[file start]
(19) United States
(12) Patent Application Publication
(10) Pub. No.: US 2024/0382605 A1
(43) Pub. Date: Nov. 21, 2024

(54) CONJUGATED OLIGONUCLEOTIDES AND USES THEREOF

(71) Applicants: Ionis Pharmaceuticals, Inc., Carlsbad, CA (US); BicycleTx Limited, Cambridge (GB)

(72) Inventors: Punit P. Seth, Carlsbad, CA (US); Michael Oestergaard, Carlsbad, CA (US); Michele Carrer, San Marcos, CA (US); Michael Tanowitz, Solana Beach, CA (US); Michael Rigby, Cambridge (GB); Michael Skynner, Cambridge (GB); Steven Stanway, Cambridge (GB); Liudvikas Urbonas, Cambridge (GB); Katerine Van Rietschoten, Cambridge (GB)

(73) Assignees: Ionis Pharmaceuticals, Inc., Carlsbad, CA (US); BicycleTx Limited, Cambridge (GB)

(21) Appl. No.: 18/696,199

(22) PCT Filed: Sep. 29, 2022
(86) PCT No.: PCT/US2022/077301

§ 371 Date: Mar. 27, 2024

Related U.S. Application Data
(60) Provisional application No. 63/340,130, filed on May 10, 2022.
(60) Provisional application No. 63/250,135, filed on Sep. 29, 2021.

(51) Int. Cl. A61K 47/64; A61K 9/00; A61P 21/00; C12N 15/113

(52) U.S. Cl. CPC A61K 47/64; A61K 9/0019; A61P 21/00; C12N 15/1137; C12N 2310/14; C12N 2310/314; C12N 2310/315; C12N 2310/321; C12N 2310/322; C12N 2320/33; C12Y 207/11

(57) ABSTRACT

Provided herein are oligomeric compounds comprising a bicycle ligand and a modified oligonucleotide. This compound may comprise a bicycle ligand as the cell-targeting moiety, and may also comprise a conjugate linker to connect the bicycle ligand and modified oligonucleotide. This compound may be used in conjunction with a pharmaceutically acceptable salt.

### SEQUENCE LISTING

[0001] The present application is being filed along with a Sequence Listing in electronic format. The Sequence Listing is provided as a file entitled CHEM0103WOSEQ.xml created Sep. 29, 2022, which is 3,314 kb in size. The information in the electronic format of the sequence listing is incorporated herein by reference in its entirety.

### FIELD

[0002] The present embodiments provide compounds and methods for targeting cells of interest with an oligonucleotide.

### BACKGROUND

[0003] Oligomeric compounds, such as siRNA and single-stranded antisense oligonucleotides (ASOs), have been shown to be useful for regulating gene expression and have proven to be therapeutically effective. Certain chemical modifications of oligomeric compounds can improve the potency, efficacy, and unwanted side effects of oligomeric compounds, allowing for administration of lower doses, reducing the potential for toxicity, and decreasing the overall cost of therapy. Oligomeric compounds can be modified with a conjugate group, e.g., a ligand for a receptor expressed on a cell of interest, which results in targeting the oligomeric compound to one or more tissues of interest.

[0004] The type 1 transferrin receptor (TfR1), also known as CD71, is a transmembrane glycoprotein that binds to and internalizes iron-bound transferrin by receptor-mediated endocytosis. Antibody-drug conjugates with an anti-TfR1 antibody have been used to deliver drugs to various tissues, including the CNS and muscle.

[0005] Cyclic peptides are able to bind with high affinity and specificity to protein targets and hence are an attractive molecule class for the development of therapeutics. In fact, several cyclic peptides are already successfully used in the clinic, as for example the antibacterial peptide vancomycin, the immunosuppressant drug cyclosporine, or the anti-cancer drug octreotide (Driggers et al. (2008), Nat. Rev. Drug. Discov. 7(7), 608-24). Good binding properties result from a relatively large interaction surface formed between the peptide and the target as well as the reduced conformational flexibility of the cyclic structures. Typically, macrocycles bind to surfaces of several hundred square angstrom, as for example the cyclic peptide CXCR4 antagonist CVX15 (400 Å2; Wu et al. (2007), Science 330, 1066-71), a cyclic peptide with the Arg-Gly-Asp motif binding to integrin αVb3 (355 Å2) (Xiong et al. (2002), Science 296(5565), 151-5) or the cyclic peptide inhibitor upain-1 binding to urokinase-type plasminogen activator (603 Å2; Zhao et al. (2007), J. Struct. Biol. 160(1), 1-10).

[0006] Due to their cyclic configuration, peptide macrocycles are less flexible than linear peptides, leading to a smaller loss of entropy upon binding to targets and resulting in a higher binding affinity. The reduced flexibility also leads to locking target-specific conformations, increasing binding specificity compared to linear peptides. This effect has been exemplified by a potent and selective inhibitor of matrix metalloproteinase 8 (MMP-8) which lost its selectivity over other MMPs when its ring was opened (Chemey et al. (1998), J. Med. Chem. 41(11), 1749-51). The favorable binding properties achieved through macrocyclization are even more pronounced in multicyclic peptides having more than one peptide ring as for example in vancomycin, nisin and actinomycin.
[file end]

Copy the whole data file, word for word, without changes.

(19) United States
(12) Patent Application Publication
(10) Pub. No.: US 2024/0382605 A1
(43) Pub. Date: Nov. 21, 2024

(54) CONJUGATED OLIGONUCLEOTIDES AND USES THEREOF

(71) Applicants: Ionis Pharmaceuticals, Inc., Carlsbad, CA (US); BicycleTx Limited, Cambridge (GB)

(72) Inventors: Punit P. Seth, Carlsbad, CA (US); Michael Oestergaard, Carlsbad, CA (US); Michele Carrer, San Marcos, CA (US); Michael Tanowitz, Solana Beach, CA (US); Michael Rigby, Cambridge (GB); Michael Skynner, Cambridge (GB); Steven Stanway, Cambridge (GB); Liudvikas Urbonas, Cambridge (GB); Katerine Van Rietschoten, Cambridge (GB)

(73) Assignees: Ionis Pharmaceuticals, Inc., Carlsbad, CA (US); BicycleTx Limited, Cambridge (GB)

(21) Appl. No.: 18/696,199

(22) PCT Filed: Sep. 29, 2022
(86) PCT No.: PCT/US2022/077301

§ 371 Date: Mar. 27, 2024

Related U.S. Application Data
(60) Provisional application No. 63/340,130, filed on May 10, 2022.
(60) Provisional application No. 63/250,135, filed on Sep. 29, 2021.

(51) Int. Cl. A61K 47/64; A61K 9/00; A61P 21/00; C12N 15/113

(52) U.S. Cl. CPC A61K 47/64; A61K 9/0019; A61P 21/00; C12N 15/1137; C12N 2310/14; C12N 2310/314; C12N 2310/315; C12N 2310/321; C12N 2310/322; C12N 2320/33; C12Y 207/11

(57) ABSTRACT

Provided herein are oligomeric compounds comprising a bicycle ligand and a modified oligonucleotide. This compound may comprise a bicycle ligand as the cell-targeting moiety, and may also comprise a conjugate linker to connect the bicycle ligand and modified oligonucleotide. This compound may be used in conjunction with a pharmaceutically acceptable salt.

### SEQUENCE LISTING

[0001] The present application is being filed along with a Sequence Listing in electronic format. The Sequence Listing is provided as a file entitled CHEM0103WOSEQ.xml created Sep. 29, 2022, which is 3,314 kb in size. The information in the electronic format of the sequence listing is incorporated herein by reference in its entirety.

### FIELD

[0002] The present embodiments provide compounds and methods for targeting cells of interest with an oligonucleotide.

### BACKGROUND

[0003] Oligomeric compounds, such as siRNA and single-stranded antisense oligonucleotides (ASOs), have been shown to be useful for regulating gene expression and have proven to be therapeutically effective. Certain chemical modifications of oligomeric compounds can improve the potency, efficacy, and unwanted side effects of oligomeric compounds, allowing for administration of lower doses, reducing the potential for toxicity, and decreasing the overall cost of therapy. Oligomeric compounds can be modified with a conjugate group, e.g., a ligand for a receptor expressed on a cell of interest, which results in targeting the oligomeric compound to one or more tissues of interest.

[0004] The type 1 transferrin receptor (TfR1), also known as CD71, is a transmembrane glycoprotein that binds to and internalizes iron-bound transferrin by receptor-mediated endocytosis. Antibody-drug conjugates with an anti-TfR1 antibody have been used to deliver drugs to various tissues, including the CNS and muscle.

[0005] Cyclic peptides are able to bind with high affinity and specificity to protein targets and hence are an attractive molecule class for the development of therapeutics. In fact, several cyclic peptides are already successfully used in the clinic, as for example the antibacterial peptide vancomycin, the immunosuppressant drug cyclosporine, or the anti-cancer drug octreotide (Driggers et al. (2008), Nat. Rev. Drug. Discov. 7(7), 608-24). Good binding properties result from a relatively large interaction surface formed between the peptide and the target as well as the reduced conformational flexibility of the cyclic structures. Typically, macrocycles bind to surfaces of several hundred square angstrom, as for example the cyclic peptide CXCR4 antagonist CVX15 (400 Å2; Wu et al. (2007), Science 330, 1066-71), a cyclic peptide with the Arg-Gly-Asp motif binding to integrin αVb3 (355 Å2) (Xiong et al. (2002), Science 296(5565), 151-5) or the cyclic peptide inhibitor upain-1 binding to urokinase-type plasminogen activator (603 Å2; Zhao et al. (2007), J. Struct. Biol. 160(1), 1-10).

[0006] Due to their cyclic configuration, peptide macrocycles are less flexible than linear peptides, leading to a smaller loss of entropy upon binding to targets and resulting in a higher binding affinity. The reduced flexibility also leads to locking target-specific conformations, increasing binding specificity compared to linear peptides. This effect has been exemplified by a potent and selective inhibitor of matrix metalloproteinase 8 (MMP-8) which lost its selectivity over other MMPs when its ring was opened (Chemey et al. (1998), J. Med. Chem. 41(11), 1749-51). The favorable binding properties achieved through macrocyclization are even more pronounced in multicyclic peptides having more than one peptide ring as for example in vancomycin, nisin and actinomycin.